When our capacity to pay attention is limited, the significance of a given contemplation does not sink deeply into the heart. There is no substantial change in the way we relate to life and death. In a serene mind thinking can be quite sharp and pliable. We can direct our attention with precision and focus. Our reflection can be uninterrupted. It has the powerful support of samatha, which enables us to remain emotionally engaged, keenly interested.
Our mind in this state is very receptive; it is not necessary to do lots of active thinking about the subject. Richness of meaning reveals itself. Stay attentive to your experience as it tells its own story. Allow the truth of contemplation to affect you. Experience inevitability of death with your entire being!
If you continue to work with this nine-part death meditation, you may find that one of the themes is especially fertile. Feel free to walk through such doors which open up in your practice. The creative process may take you somewhere outside the progressive and systematic arrangement of this scheme. It may be useful to follow this up.
For example, when I was working with the “inevitability” root, one evening after formal practice, I turned to an old, late-hour movie from the 1930s featuring Clark Gable and Carole Lombard and many other actors familiar to me. Probably because the contemplation was still on my mind, I noticed an obvious and fascinating fact. Everyone in the film was now dead! The producer, the director, musicians, actors etc. were all dead. I looked with keen interest at the virile, sensual, highly energetic performers—all DEAD. I then took the impact of this realization inside, lived with it for a while, opened my eyes and examined them living out their lives on film again—and went inside again. I continued this way for a while because this “made in U.S.A” method was fruitful.
Let’s move through the practice outline.
THE INEVITABILITY OF DEATH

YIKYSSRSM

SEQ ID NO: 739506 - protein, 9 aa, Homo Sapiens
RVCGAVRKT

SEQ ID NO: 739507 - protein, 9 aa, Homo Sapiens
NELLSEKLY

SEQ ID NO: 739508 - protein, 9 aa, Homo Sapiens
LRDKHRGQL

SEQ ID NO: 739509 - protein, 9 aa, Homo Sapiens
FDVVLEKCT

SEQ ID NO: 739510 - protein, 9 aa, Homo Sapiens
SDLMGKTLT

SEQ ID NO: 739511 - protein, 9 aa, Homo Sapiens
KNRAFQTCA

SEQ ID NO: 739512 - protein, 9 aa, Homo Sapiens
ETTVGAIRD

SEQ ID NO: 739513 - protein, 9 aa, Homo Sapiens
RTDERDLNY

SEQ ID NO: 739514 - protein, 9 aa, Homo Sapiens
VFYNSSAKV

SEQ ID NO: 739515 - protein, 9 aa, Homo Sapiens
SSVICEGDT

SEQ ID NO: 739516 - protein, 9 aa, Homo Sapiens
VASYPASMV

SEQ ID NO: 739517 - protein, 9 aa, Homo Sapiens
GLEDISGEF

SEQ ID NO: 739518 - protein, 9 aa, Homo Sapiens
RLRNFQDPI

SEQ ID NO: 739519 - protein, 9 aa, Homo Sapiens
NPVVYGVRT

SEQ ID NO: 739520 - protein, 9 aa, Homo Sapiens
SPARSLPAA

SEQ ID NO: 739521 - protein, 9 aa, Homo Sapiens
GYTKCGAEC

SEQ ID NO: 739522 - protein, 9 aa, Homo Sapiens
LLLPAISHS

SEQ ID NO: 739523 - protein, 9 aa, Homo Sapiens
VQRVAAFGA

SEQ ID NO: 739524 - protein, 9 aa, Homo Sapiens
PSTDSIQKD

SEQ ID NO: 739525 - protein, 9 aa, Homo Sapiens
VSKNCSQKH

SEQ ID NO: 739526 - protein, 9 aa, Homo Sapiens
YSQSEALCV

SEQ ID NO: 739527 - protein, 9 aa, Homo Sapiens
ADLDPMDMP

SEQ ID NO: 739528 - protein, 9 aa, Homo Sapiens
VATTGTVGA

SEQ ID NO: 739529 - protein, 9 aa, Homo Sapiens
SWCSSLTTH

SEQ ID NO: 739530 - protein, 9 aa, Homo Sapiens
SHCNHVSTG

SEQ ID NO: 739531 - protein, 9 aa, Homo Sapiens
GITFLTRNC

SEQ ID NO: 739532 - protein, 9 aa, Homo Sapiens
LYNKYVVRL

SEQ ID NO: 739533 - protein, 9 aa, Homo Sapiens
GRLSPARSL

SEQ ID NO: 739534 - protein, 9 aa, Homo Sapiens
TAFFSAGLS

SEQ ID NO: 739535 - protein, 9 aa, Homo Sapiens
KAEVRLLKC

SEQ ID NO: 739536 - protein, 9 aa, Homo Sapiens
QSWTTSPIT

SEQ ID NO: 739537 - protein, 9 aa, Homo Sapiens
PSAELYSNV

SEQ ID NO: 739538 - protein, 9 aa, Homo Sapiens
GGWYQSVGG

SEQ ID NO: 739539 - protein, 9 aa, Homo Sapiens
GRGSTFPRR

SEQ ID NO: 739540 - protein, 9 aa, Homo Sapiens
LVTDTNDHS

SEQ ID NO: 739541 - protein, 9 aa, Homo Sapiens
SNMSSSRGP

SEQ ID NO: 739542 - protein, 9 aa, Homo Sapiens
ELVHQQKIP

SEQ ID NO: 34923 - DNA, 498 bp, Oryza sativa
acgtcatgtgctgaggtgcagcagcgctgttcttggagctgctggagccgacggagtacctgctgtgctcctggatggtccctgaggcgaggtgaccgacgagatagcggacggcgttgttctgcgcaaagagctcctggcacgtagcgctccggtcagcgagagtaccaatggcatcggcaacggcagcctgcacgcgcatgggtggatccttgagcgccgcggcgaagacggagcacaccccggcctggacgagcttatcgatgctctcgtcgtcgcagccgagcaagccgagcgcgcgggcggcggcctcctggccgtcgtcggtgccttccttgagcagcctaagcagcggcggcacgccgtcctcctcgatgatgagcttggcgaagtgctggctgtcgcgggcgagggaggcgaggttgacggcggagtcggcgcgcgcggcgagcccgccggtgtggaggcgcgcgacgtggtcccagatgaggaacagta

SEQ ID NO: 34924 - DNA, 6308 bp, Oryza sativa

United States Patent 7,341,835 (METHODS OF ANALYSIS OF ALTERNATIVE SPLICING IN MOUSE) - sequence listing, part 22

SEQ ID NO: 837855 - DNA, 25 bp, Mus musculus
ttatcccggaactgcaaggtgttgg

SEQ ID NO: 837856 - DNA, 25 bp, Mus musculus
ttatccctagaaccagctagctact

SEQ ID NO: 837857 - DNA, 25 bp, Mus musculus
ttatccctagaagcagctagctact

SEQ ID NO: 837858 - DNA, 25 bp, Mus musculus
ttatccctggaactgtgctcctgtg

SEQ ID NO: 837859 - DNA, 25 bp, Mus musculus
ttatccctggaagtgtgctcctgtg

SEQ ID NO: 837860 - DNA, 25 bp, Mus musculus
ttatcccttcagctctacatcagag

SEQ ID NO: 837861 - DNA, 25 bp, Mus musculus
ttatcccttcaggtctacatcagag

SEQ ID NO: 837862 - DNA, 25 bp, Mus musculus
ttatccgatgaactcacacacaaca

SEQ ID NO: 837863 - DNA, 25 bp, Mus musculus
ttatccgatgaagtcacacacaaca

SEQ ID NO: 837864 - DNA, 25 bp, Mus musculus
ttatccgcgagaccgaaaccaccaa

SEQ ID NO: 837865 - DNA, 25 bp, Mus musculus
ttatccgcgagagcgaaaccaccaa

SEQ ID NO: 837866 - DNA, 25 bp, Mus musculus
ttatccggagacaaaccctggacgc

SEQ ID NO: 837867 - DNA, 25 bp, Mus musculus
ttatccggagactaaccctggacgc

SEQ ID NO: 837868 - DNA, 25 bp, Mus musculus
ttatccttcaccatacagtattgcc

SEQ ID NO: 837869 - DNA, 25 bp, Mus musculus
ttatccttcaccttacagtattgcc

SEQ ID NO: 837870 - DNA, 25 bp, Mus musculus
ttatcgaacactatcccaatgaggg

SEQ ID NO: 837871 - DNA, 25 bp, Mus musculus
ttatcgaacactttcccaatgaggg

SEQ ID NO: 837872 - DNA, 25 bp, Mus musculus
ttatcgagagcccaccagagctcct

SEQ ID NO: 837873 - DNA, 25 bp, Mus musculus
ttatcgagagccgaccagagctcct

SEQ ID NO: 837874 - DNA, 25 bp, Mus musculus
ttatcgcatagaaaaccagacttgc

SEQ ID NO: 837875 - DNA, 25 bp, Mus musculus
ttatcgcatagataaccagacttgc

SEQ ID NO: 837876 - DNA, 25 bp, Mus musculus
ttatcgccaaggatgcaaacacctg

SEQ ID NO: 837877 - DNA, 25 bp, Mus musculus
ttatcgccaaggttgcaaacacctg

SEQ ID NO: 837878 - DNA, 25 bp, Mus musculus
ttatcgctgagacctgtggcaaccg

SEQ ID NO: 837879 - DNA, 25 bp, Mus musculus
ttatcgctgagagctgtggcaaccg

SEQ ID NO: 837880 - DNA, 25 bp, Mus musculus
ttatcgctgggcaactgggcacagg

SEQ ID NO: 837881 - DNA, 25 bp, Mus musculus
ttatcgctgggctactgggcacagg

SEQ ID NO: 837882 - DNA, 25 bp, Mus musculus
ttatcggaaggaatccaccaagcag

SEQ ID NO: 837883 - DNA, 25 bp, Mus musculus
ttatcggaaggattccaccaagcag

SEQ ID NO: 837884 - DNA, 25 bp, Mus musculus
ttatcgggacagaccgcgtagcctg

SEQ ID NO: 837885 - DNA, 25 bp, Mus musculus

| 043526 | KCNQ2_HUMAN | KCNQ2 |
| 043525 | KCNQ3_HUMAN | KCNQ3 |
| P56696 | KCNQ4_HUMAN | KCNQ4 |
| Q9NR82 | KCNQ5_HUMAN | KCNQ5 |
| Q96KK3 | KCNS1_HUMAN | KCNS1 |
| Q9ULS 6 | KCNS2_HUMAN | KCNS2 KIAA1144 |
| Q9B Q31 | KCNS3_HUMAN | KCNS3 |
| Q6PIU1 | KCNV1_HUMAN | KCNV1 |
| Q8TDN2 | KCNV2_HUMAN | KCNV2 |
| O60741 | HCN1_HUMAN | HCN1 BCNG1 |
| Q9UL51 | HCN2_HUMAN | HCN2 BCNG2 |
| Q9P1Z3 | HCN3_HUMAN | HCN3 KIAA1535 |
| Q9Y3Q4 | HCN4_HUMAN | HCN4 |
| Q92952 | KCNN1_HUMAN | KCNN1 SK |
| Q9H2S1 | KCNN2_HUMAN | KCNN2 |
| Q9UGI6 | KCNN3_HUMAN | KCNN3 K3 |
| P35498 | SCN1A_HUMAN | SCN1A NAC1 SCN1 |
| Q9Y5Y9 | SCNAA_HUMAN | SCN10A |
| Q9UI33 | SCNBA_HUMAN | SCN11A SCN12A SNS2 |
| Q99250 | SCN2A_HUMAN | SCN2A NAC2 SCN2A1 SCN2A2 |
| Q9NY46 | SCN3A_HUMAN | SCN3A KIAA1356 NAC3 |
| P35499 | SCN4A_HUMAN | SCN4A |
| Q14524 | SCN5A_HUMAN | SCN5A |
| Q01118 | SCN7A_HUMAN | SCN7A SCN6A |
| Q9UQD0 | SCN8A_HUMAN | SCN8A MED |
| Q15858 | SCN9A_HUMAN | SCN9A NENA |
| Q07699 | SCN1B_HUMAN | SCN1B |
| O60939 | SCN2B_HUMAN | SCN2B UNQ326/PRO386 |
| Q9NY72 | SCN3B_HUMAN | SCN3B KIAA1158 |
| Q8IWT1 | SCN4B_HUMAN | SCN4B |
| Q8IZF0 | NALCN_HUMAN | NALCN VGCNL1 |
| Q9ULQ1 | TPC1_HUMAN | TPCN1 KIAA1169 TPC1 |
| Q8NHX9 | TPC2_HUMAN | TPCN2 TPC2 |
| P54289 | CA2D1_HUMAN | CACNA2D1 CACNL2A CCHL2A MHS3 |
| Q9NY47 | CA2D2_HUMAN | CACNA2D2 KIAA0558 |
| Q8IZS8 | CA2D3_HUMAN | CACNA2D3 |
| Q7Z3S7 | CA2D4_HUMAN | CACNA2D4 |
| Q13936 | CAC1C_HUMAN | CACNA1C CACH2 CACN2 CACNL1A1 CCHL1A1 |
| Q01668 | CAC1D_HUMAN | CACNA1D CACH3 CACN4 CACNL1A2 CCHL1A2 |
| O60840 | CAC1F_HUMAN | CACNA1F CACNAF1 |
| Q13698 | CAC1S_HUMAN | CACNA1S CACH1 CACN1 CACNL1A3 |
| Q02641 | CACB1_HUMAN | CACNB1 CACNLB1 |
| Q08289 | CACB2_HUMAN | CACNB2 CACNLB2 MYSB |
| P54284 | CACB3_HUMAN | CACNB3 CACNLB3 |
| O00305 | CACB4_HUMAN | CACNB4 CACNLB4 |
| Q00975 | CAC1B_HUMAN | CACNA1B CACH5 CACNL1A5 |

- Everyone has to die.
The first of the nine-part sequence of thoughts concerning death is to contemplate the obvious fact that no one can stand up to death. Nothing can prevent our death. Death is a logical consequence of birth. Death begins to work on life at the moment of birth. The inevitability of this truth is as obvious as the “emperor’s clothes”—the emperor has no clothes—and we are going to die. There are no exemptions. Differences in wealth, education, physical strength, fame, education, moral integrity, spiritual maturity are irrelevant. All distinctions are leveled. Although this event is the only one that is certain, do we plan on it? Buddhaghosa’s Visuddhimagga offers us some help here. Compare yourself with others of great fame, merit, strength, supernatural powers and understanding. Reflect on how death inevitably caught up with each outstanding person, “so how shall it not at length overtake me?” My first teacher, J. Krishnamurti, is someone I contemplate in this way. His inner clarity, strength and immense vitality drew me to him. A very active life of teaching ended only two weeks before his death at age ninety—but it did end.
The Buddha put it this way:
Young and old,
foolish and wise,
rich and poor, all keep dying.
As a potter’s clay vessels, large and small, fired and unfired, All end up broken, so too life heads to death.
- Our life span is decreasing continuously.
Our movement towards death is inexorable—it never stops. We walk hand in hand with death. Our life is slipping away. With every tick of the clock we move closer to the termination of life as we know it. The great Indian master Atisha used the sound of water dropping as a support for this contemplation.
Look intently at your breathing; time is elapsing with each breath, even as you read these remarks. From breath moment to breath moment we are being moved closer and closer to the end of our life here on earth, and there is nothing that we can do about it. Can you bring your attention to this sense of the uninterrupted flow of time transporting us to death? It is like falling from a tree. We will definitely hit the ground. What thoughts or feelings does this realization bring up? When the time comes to die what can we do? Just die!
After our birth we have no freedom to remain even for a minute.
We head towards the embrace of the Lord of Death, like an athlete running.
We may think that we are among the living, but our life is the very highway of death.
— The Seventh Dalai Lama
- Death will come regardless of whether or not we have made the time to practice dharma.
The essence of this contemplation is nicely put by Gungtang Rinpoche: “I spent twenty years not wanting to practice dharma. I spent the next twenty years thinking that I could practice later on. I spent another twenty years in other activities and regretting the fact that I hadn ‘t engaged in dharma practice. This is the story of my empty human life. ’’